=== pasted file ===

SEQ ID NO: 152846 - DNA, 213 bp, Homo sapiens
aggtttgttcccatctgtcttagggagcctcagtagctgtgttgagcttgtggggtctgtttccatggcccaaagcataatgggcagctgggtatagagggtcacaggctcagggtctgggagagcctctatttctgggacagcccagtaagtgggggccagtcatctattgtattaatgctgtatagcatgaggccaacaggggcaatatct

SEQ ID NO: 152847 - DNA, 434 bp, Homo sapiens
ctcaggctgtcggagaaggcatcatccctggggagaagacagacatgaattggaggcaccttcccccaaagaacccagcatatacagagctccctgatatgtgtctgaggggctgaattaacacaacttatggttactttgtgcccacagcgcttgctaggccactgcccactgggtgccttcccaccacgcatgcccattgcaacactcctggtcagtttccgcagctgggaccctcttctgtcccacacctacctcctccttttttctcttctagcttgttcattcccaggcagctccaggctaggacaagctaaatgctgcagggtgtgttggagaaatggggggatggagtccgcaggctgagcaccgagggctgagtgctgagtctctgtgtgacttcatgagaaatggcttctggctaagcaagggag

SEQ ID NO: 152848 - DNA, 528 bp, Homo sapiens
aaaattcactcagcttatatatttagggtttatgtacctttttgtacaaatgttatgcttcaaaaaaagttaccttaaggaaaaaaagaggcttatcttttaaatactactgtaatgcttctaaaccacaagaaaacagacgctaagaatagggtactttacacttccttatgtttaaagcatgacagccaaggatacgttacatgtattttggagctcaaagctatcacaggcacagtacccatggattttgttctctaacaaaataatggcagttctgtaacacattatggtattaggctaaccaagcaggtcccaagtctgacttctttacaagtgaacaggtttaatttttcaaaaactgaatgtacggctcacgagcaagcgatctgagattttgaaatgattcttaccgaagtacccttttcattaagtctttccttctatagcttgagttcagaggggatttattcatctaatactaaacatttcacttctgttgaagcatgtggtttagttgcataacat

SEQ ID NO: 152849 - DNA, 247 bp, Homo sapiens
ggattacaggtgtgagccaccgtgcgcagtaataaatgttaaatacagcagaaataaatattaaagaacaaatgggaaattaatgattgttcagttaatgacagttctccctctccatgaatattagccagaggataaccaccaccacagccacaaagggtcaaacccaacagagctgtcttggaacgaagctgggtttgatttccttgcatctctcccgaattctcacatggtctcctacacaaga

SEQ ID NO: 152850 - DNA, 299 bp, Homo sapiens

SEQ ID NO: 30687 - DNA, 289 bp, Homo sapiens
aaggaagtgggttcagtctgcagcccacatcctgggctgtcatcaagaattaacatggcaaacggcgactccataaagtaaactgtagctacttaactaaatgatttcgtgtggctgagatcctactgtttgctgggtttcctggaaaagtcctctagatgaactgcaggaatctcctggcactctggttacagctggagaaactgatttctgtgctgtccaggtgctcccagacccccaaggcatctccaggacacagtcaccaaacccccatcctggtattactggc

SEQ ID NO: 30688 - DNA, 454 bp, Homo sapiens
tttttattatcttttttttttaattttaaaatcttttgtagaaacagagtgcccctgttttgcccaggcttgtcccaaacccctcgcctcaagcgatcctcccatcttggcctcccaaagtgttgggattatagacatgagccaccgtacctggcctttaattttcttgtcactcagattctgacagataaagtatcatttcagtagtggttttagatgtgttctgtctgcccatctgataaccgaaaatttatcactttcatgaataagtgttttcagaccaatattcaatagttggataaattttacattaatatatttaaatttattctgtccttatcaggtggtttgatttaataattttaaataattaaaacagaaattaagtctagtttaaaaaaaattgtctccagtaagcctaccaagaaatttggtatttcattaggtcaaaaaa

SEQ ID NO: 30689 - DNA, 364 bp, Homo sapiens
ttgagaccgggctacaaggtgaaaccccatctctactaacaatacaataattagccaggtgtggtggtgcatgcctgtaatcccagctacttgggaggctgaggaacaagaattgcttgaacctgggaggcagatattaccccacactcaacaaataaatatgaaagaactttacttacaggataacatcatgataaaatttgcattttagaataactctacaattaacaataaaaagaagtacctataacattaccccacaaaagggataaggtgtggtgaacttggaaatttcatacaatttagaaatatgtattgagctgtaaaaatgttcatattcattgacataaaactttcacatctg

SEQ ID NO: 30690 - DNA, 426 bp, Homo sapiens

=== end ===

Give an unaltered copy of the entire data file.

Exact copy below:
SEQ ID NO: 152846 - DNA, 213 bp, Homo sapiens
aggtttgttcccatctgtcttagggagcctcagtagctgtgttgagcttgtggggtctgtttccatggcccaaagcataatgggcagctgggtatagagggtcacaggctcagggtctgggagagcctctatttctgggacagcccagtaagtgggggccagtcatctattgtattaatgctgtatagcatgaggccaacaggggcaatatct

SEQ ID NO: 152847 - DNA, 434 bp, Homo sapiens
ctcaggctgtcggagaaggcatcatccctggggagaagacagacatgaattggaggcaccttcccccaaagaacccagcatatacagagctccctgatatgtgtctgaggggctgaattaacacaacttatggttactttgtgcccacagcgcttgctaggccactgcccactgggtgccttcccaccacgcatgcccattgcaacactcctggtcagtttccgcagctgggaccctcttctgtcccacacctacctcctccttttttctcttctagcttgttcattcccaggcagctccaggctaggacaagctaaatgctgcagggtgtgttggagaaatggggggatggagtccgcaggctgagcaccgagggctgagtgctgagtctctgtgtgacttcatgagaaatggcttctggctaagcaagggag

SEQ ID NO: 152848 - DNA, 528 bp, Homo sapiens
aaaattcactcagcttatatatttagggtttatgtacctttttgtacaaatgttatgcttcaaaaaaagttaccttaaggaaaaaaagaggcttatcttttaaatactactgtaatgcttctaaaccacaagaaaacagacgctaagaatagggtactttacacttccttatgtttaaagcatgacagccaaggatacgttacatgtattttggagctcaaagctatcacaggcacagtacccatggattttgttctctaacaaaataatggcagttctgtaacacattatggtattaggctaaccaagcaggtcccaagtctgacttctttacaagtgaacaggtttaatttttcaaaaactgaatgtacggctcacgagcaagcgatctgagattttgaaatgattcttaccgaagtacccttttcattaagtctttccttctatagcttgagttcagaggggatttattcatctaatactaaacatttcacttctgttgaagcatgtggtttagttgcataacat

SEQ ID NO: 152849 - DNA, 247 bp, Homo sapiens
ggattacaggtgtgagccaccgtgcgcagtaataaatgttaaatacagcagaaataaatattaaagaacaaatgggaaattaatgattgttcagttaatgacagttctccctctccatgaatattagccagaggataaccaccaccacagccacaaagggtcaaacccaacagagctgtcttggaacgaagctgggtttgatttccttgcatctctcccgaattctcacatggtctcctacacaaga

SEQ ID NO: 152850 - DNA, 299 bp, Homo sapiens

SEQ ID NO: 30687 - DNA, 289 bp, Homo sapiens
aaggaagtgggttcagtctgcagcccacatcctgggctgtcatcaagaattaacatggcaaacggcgactccataaagtaaactgtagctacttaactaaatgatttcgtgtggctgagatcctactgtttgctgggtttcctggaaaagtcctctagatgaactgcaggaatctcctggcactctggttacagctggagaaactgatttctgtgctgtccaggtgctcccagacccccaaggcatctccaggacacagtcaccaaacccccatcctggtattactggc

SEQ ID NO: 30688 - DNA, 454 bp, Homo sapiens
tttttattatcttttttttttaattttaaaatcttttgtagaaacagagtgcccctgttttgcccaggcttgtcccaaacccctcgcctcaagcgatcctcccatcttggcctcccaaagtgttgggattatagacatgagccaccgtacctggcctttaattttcttgtcactcagattctgacagataaagtatcatttcagtagtggttttagatgtgttctgtctgcccatctgataaccgaaaatttatcactttcatgaataagtgttttcagaccaatattcaatagttggataaattttacattaatatatttaaatttattctgtccttatcaggtggtttgatttaataattttaaataattaaaacagaaattaagtctagtttaaaaaaaattgtctccagtaagcctaccaagaaatttggtatttcattaggtcaaaaaa

SEQ ID NO: 30689 - DNA, 364 bp, Homo sapiens
ttgagaccgggctacaaggtgaaaccccatctctactaacaatacaataattagccaggtgtggtggtgcatgcctgtaatcccagctacttgggaggctgaggaacaagaattgcttgaacctgggaggcagatattaccccacactcaacaaataaatatgaaagaactttacttacaggataacatcatgataaaatttgcattttagaataactctacaattaacaataaaaagaagtacctataacattaccccacaaaagggataaggtgtggtgaacttggaaatttcatacaatttagaaatatgtattgagctgtaaaaatgttcatattcattgacataaaactttcacatctg

SEQ ID NO: 30690 - DNA, 426 bp, Homo sapiens